Each day, we are faced with sad news about how various psychologically unstable people perpetrate violence against their spouses in the home.
Looking back, we can see that during Ottoman times, those who used violence against their spouses were severely punished, regardless of their position.
Ahmet Uçar, known for various interesting studies, noted a case in point in one article regarding a 19th-century prodigal "paşazade" (son of a pasha), who was hanged for abusing his wife.
Kapıcıbaşı Celal Bey, son of Alaeddin Paşa, was a troublesome member of his house. He had already started to squander his family’s fortune while his father was still alive and was famed for his habitually debauched behavior, causing great pain to his wife, Safiye.
In addition to cheating on Safiye, he also tyrannized and abused her. At nights, he would beat and torture his wife with knives and sticks, slapping and kicking her. Locked in a room, Safiye was not allowed to see even female servants, let alone relatives. Celal Bey’s anger also raged against other family members and employees too numerous to count.
Having been married for 12 years, the last two were particularly tortuous for Safiye, as the death of her parents left her more vulnerable than ever.
One day, in despair, Safiye found an opportunity to slip through an open door and fled to a nearby house. With the help of neighbors and relatives, she was put under protection in the harem of Abbas Pasha, governor of Sivas. Seeing fractures in the young woman’s arm and swellings over her body, the pasha understood that their marriage could not continue under such conditions and decided to present the issue to the sultan. In 1849, with the involvement of the Sivas provincial council, Sultan Abdülmecid was informed about every single act of Celal Bey. The sultan was enraged and demanded he divorce his wife before ordering him to be jailed for his misdeeds. If he was to refuse the divorce, his wife would be placed with a relative and receive alimony from Celal Bey’s estate. It was decided in the end to exile the brutal husband to a faraway place, and he was sent to Tokat until the edict came and the investigation was concluded. However, Tokat was only 100 kilometers (62 miles) from Sivas, and the paşazade had no intention of giving up. Indeed, Celal Bey stubbornly insisted he would accept death but would not divorce his wife.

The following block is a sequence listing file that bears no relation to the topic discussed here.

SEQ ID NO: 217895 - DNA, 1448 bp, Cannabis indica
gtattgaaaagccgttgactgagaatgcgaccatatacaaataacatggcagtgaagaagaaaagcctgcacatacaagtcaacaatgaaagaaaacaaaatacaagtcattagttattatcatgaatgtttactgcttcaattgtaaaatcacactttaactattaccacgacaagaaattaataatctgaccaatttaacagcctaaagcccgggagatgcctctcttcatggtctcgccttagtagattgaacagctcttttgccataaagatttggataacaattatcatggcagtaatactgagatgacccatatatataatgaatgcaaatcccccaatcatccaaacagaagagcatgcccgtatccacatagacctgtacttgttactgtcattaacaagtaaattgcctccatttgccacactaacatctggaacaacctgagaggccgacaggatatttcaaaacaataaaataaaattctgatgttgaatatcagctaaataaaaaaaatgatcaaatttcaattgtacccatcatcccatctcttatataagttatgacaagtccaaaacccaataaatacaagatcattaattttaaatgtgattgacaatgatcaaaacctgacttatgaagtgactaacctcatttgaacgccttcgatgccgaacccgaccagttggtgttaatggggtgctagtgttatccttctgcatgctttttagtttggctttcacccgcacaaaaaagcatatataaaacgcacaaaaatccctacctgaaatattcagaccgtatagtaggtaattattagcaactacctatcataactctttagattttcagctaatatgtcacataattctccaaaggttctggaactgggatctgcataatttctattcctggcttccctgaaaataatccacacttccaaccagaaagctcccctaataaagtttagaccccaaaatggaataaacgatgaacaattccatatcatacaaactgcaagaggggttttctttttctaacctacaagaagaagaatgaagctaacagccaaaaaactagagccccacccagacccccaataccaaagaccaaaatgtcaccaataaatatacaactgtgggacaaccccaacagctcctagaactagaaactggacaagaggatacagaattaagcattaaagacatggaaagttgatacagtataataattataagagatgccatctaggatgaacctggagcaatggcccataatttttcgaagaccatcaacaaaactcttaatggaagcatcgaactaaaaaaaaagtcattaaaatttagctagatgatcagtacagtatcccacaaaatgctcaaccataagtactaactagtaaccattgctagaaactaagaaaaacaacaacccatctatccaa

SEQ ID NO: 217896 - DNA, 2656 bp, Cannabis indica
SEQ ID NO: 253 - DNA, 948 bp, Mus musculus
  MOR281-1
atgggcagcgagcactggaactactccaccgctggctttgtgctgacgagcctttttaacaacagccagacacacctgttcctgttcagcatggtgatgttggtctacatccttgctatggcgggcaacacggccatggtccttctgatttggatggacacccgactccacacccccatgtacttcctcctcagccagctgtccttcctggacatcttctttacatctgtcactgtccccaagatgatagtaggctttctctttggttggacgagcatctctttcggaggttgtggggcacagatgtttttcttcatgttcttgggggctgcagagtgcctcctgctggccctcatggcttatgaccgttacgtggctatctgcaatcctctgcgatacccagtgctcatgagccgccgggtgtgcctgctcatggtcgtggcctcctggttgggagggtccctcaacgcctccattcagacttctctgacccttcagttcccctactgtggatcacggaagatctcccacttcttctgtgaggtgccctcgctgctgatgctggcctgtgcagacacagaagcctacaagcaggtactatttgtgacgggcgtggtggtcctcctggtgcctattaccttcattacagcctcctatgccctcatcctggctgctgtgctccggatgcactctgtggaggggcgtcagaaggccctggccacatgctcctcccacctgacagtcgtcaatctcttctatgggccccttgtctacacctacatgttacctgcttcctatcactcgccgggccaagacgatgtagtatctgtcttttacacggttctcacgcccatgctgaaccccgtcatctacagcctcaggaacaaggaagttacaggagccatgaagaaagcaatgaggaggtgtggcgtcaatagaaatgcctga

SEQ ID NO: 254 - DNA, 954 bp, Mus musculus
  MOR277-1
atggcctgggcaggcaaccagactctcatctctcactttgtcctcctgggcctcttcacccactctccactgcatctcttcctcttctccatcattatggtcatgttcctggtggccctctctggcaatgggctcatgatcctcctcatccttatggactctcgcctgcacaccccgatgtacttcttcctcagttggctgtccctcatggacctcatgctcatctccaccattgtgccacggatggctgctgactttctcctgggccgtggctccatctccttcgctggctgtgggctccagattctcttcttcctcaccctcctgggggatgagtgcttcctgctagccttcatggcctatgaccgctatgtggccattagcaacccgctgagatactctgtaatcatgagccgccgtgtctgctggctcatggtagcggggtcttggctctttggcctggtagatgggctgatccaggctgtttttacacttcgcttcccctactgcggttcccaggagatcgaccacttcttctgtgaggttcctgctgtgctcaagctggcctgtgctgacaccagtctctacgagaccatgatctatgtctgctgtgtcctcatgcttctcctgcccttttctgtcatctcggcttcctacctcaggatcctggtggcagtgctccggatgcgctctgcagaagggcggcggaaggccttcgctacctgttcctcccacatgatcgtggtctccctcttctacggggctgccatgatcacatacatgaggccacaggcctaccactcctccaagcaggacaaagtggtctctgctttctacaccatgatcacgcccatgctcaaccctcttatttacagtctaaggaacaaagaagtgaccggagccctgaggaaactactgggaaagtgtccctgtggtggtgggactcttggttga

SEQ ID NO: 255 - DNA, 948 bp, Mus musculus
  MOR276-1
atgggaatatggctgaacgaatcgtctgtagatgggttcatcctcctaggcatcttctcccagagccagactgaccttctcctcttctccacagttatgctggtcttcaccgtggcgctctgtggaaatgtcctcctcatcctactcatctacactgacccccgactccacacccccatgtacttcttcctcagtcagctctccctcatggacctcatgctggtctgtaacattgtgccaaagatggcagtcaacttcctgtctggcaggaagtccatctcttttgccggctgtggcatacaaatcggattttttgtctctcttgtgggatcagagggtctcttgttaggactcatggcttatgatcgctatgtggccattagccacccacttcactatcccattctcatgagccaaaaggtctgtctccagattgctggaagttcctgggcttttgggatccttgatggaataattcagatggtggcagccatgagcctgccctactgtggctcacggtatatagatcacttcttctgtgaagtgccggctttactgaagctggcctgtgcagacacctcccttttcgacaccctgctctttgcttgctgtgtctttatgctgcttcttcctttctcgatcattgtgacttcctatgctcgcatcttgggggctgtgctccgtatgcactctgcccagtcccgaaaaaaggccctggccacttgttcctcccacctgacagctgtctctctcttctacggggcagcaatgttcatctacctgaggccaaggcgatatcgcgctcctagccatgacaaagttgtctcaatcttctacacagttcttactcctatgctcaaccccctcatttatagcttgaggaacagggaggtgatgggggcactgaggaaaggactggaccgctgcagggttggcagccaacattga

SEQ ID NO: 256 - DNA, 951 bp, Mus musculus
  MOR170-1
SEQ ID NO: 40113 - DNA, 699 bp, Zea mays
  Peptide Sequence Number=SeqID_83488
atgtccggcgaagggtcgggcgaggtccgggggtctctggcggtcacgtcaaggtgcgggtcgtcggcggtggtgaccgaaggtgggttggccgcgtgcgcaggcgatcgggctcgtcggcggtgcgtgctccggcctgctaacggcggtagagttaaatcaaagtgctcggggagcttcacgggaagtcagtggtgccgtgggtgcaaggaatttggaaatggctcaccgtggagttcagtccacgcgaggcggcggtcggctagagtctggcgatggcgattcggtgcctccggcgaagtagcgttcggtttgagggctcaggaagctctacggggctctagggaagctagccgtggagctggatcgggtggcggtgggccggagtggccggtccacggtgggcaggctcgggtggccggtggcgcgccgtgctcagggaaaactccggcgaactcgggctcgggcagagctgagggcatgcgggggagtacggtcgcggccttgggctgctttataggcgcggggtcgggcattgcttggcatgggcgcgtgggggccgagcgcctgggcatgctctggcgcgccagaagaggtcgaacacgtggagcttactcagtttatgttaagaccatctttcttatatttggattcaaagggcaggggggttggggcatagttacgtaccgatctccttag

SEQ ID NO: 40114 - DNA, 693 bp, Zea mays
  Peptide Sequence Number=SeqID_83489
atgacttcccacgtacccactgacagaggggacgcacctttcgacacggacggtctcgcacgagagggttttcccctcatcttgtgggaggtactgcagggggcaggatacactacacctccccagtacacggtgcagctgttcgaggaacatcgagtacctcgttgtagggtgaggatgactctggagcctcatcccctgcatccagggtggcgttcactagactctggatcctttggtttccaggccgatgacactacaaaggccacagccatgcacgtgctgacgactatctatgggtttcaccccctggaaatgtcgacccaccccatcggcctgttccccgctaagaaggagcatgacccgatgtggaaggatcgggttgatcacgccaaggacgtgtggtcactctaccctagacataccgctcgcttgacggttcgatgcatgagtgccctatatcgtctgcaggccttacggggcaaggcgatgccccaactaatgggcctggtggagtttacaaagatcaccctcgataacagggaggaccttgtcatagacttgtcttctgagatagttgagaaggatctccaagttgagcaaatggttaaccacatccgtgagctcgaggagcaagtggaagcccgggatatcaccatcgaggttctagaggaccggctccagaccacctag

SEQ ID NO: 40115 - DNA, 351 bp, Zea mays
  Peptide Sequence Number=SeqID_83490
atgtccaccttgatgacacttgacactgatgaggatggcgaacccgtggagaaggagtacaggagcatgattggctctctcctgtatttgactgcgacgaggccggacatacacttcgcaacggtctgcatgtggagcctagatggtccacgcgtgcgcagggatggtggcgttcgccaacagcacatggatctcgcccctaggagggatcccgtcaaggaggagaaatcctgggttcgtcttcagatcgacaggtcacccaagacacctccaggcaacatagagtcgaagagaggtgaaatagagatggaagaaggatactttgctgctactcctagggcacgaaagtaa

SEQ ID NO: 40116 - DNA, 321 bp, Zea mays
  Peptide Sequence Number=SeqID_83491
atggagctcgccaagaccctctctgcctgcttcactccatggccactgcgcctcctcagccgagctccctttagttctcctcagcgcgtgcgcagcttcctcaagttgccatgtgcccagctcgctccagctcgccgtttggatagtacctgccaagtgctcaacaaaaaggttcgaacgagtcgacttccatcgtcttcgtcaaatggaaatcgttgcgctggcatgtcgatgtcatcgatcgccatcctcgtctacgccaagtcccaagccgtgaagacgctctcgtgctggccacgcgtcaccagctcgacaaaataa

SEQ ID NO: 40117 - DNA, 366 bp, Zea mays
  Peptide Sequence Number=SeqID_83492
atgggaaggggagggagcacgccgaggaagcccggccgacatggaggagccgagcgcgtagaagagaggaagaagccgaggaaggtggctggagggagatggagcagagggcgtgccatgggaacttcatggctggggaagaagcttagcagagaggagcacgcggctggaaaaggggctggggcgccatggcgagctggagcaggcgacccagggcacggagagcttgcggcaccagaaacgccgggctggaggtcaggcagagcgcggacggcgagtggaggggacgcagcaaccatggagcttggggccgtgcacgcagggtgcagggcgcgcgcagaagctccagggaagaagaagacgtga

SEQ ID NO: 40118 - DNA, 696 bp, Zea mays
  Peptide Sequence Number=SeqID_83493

Paşazade Celal Bey was infuriated by Sultan Abdülmecid’s intervention in the affair and the resulting exile. But he was in no position to object to the sultan. Repressing his rage, he moved to Tokat, where he would spend his exile. Blaming his wife for what befell him, he launched a smear campaign against her.
Safiye stayed at the mansion of Sivas Governor Abbas Pasha for about six months. When the governor was later replaced, she was put under the protection of Münib Pasha, the new one. Meanwhile, Celal Bey spread the rumor that his wife had engaged in prostitution at the mansion of the pasha and even hired five hitmen to kill her. He would pay them 2,000 kuruş if they succeeded. But this was a huge mistake. Since his notoriety had awoken the distrust of the assassins, the hitmen received part of the payment in cash and took a bill for the rest of the money.